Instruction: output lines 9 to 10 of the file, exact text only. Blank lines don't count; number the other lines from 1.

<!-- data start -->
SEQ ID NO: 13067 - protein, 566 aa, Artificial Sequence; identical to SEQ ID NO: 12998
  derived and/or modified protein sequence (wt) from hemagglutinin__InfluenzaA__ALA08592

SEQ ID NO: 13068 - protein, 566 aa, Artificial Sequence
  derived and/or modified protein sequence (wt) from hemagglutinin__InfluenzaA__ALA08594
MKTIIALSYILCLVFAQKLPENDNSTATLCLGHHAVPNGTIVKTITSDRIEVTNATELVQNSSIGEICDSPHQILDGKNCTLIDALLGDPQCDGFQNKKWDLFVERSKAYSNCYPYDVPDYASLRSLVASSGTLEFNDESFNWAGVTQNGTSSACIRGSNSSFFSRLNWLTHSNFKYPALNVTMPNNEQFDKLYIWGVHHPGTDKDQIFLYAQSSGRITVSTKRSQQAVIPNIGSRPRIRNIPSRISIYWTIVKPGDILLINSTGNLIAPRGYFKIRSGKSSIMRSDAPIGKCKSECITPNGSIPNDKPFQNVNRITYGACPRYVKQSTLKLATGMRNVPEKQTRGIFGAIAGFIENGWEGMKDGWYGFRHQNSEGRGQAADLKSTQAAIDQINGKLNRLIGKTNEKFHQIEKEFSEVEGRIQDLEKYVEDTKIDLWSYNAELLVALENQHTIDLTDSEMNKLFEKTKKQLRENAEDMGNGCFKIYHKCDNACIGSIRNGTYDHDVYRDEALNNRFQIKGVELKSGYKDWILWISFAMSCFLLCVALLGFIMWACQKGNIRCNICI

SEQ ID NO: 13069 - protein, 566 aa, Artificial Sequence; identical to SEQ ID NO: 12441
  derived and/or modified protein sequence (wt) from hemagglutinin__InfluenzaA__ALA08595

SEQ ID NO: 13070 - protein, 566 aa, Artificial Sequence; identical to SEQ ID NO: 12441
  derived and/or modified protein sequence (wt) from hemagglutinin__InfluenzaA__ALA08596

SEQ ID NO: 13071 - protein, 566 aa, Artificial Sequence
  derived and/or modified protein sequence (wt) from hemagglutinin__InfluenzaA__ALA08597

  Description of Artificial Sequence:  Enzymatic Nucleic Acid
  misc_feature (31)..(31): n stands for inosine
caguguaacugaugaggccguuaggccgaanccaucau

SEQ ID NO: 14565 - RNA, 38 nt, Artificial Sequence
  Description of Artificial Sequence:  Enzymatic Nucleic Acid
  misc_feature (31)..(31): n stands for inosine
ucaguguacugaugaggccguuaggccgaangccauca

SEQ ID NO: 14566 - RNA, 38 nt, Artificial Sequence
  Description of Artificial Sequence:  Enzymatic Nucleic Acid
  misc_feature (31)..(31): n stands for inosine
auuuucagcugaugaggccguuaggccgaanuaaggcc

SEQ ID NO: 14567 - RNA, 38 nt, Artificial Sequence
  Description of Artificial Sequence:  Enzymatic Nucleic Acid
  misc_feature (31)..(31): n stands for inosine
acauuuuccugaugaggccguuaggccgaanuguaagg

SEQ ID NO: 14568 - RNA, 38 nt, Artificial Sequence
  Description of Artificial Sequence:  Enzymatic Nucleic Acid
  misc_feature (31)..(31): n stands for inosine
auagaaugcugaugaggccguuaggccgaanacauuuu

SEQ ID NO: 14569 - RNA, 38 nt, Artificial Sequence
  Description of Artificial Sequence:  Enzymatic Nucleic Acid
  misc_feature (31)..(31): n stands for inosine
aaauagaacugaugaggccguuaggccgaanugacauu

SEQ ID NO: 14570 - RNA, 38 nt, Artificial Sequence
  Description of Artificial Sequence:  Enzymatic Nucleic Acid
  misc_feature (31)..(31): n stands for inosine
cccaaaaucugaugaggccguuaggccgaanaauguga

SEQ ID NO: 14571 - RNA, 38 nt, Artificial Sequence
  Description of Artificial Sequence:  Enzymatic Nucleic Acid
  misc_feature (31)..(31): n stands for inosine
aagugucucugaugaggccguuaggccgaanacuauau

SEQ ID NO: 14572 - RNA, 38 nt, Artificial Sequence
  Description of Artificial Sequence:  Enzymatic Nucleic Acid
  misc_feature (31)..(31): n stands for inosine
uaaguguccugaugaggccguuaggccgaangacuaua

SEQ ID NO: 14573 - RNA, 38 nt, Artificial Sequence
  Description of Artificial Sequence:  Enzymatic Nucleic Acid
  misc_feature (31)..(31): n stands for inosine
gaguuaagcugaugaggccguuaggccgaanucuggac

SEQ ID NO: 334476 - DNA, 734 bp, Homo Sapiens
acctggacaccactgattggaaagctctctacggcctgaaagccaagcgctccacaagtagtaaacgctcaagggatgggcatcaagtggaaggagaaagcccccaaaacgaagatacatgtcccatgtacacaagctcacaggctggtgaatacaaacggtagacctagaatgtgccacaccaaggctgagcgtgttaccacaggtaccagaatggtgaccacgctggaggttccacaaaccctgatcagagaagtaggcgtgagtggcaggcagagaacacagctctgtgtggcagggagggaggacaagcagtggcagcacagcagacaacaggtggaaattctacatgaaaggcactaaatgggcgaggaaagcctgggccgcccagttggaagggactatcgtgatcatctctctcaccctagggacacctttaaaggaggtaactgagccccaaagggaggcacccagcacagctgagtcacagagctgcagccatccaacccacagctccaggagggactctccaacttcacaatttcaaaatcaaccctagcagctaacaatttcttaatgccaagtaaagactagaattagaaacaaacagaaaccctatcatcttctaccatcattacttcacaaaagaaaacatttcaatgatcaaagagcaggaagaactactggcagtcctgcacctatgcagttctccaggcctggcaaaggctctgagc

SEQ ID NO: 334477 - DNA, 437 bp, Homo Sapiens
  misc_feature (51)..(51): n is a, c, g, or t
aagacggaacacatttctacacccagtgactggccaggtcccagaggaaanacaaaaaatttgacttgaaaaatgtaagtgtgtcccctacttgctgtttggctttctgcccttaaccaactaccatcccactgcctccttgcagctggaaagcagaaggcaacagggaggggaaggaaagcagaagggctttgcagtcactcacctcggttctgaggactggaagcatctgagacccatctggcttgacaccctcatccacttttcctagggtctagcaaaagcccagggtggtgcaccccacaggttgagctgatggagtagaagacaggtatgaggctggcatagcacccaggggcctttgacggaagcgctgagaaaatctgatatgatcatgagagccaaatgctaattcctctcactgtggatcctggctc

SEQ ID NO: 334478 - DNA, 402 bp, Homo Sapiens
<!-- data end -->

  derived and/or modified protein sequence (wt) from hemagglutinin__InfluenzaA__ALA08596

SEQ ID NO: 13071 - protein, 566 aa, Artificial Sequence